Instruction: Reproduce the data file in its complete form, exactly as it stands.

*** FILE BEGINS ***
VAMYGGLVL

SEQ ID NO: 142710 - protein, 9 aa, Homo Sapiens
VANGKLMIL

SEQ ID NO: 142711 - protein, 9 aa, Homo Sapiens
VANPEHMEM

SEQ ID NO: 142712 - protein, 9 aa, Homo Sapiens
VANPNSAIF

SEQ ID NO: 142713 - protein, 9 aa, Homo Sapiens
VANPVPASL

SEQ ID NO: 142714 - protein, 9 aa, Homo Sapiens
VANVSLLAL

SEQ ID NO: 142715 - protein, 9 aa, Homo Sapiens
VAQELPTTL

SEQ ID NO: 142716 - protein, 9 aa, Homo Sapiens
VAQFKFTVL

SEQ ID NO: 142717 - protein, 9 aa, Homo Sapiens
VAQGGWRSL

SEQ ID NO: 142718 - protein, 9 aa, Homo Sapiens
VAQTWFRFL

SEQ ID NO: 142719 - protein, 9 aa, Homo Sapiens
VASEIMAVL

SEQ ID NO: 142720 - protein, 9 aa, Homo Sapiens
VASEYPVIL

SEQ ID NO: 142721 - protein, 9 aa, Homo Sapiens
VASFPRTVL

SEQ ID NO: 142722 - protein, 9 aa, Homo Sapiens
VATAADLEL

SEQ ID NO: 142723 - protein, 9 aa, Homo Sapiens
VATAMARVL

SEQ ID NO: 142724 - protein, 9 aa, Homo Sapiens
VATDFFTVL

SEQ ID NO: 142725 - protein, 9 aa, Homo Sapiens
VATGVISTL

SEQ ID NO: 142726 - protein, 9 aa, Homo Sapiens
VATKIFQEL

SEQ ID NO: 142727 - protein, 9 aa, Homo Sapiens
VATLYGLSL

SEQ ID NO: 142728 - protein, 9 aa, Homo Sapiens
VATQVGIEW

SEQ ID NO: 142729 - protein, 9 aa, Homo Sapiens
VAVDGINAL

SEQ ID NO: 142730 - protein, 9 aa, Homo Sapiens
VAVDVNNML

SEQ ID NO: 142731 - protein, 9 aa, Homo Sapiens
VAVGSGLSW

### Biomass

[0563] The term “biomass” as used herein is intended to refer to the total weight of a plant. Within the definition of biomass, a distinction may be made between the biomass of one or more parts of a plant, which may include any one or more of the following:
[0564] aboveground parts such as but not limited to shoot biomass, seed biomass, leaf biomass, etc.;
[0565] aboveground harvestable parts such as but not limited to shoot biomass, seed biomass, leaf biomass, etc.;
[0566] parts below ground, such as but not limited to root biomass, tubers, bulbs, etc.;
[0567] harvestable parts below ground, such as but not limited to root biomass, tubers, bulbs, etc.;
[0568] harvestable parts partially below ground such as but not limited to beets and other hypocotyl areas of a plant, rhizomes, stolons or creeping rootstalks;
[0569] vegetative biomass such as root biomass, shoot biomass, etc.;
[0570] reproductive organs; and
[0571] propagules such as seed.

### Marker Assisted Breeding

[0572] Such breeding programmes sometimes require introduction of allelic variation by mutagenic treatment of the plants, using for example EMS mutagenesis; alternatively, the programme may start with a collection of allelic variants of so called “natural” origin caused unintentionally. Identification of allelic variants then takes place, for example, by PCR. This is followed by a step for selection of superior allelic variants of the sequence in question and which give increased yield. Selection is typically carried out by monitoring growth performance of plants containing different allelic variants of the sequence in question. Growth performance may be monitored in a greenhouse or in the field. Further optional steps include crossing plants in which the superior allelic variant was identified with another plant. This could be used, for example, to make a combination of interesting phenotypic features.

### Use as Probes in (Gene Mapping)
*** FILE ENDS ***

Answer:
VAMYGGLVL

SEQ ID NO: 142710 - protein, 9 aa, Homo Sapiens
VANGKLMIL

SEQ ID NO: 142711 - protein, 9 aa, Homo Sapiens
VANPEHMEM

SEQ ID NO: 142712 - protein, 9 aa, Homo Sapiens
VANPNSAIF

SEQ ID NO: 142713 - protein, 9 aa, Homo Sapiens
VANPVPASL

SEQ ID NO: 142714 - protein, 9 aa, Homo Sapiens
VANVSLLAL

SEQ ID NO: 142715 - protein, 9 aa, Homo Sapiens
VAQELPTTL

SEQ ID NO: 142716 - protein, 9 aa, Homo Sapiens
VAQFKFTVL

SEQ ID NO: 142717 - protein, 9 aa, Homo Sapiens
VAQGGWRSL

SEQ ID NO: 142718 - protein, 9 aa, Homo Sapiens
VAQTWFRFL

SEQ ID NO: 142719 - protein, 9 aa, Homo Sapiens
VASEIMAVL

SEQ ID NO: 142720 - protein, 9 aa, Homo Sapiens
VASEYPVIL

SEQ ID NO: 142721 - protein, 9 aa, Homo Sapiens
VASFPRTVL

SEQ ID NO: 142722 - protein, 9 aa, Homo Sapiens
VATAADLEL

SEQ ID NO: 142723 - protein, 9 aa, Homo Sapiens
VATAMARVL

SEQ ID NO: 142724 - protein, 9 aa, Homo Sapiens
VATDFFTVL

SEQ ID NO: 142725 - protein, 9 aa, Homo Sapiens
VATGVISTL

SEQ ID NO: 142726 - protein, 9 aa, Homo Sapiens
VATKIFQEL

SEQ ID NO: 142727 - protein, 9 aa, Homo Sapiens
VATLYGLSL

SEQ ID NO: 142728 - protein, 9 aa, Homo Sapiens
VATQVGIEW

SEQ ID NO: 142729 - protein, 9 aa, Homo Sapiens
VAVDGINAL

SEQ ID NO: 142730 - protein, 9 aa, Homo Sapiens
VAVDVNNML

SEQ ID NO: 142731 - protein, 9 aa, Homo Sapiens
VAVGSGLSW

### Biomass

[0563] The term “biomass” as used herein is intended to refer to the total weight of a plant. Within the definition of biomass, a distinction may be made between the biomass of one or more parts of a plant, which may include any one or more of the following:
[0564] aboveground parts such as but not limited to shoot biomass, seed biomass, leaf biomass, etc.;
[0565] aboveground harvestable parts such as but not limited to shoot biomass, seed biomass, leaf biomass, etc.;
[0566] parts below ground, such as but not limited to root biomass, tubers, bulbs, etc.;
[0567] harvestable parts below ground, such as but not limited to root biomass, tubers, bulbs, etc.;
[0568] harvestable parts partially below ground such as but not limited to beets and other hypocotyl areas of a plant, rhizomes, stolons or creeping rootstalks;
[0569] vegetative biomass such as root biomass, shoot biomass, etc.;
[0570] reproductive organs; and
[0571] propagules such as seed.

### Marker Assisted Breeding

[0572] Such breeding programmes sometimes require introduction of allelic variation by mutagenic treatment of the plants, using for example EMS mutagenesis; alternatively, the programme may start with a collection of allelic variants of so called “natural” origin caused unintentionally. Identification of allelic variants then takes place, for example, by PCR. This is followed by a step for selection of superior allelic variants of the sequence in question and which give increased yield. Selection is typically carried out by monitoring growth performance of plants containing different allelic variants of the sequence in question. Growth performance may be monitored in a greenhouse or in the field. Further optional steps include crossing plants in which the superior allelic variant was identified with another plant. This could be used, for example, to make a combination of interesting phenotypic features.

### Use as Probes in (Gene Mapping)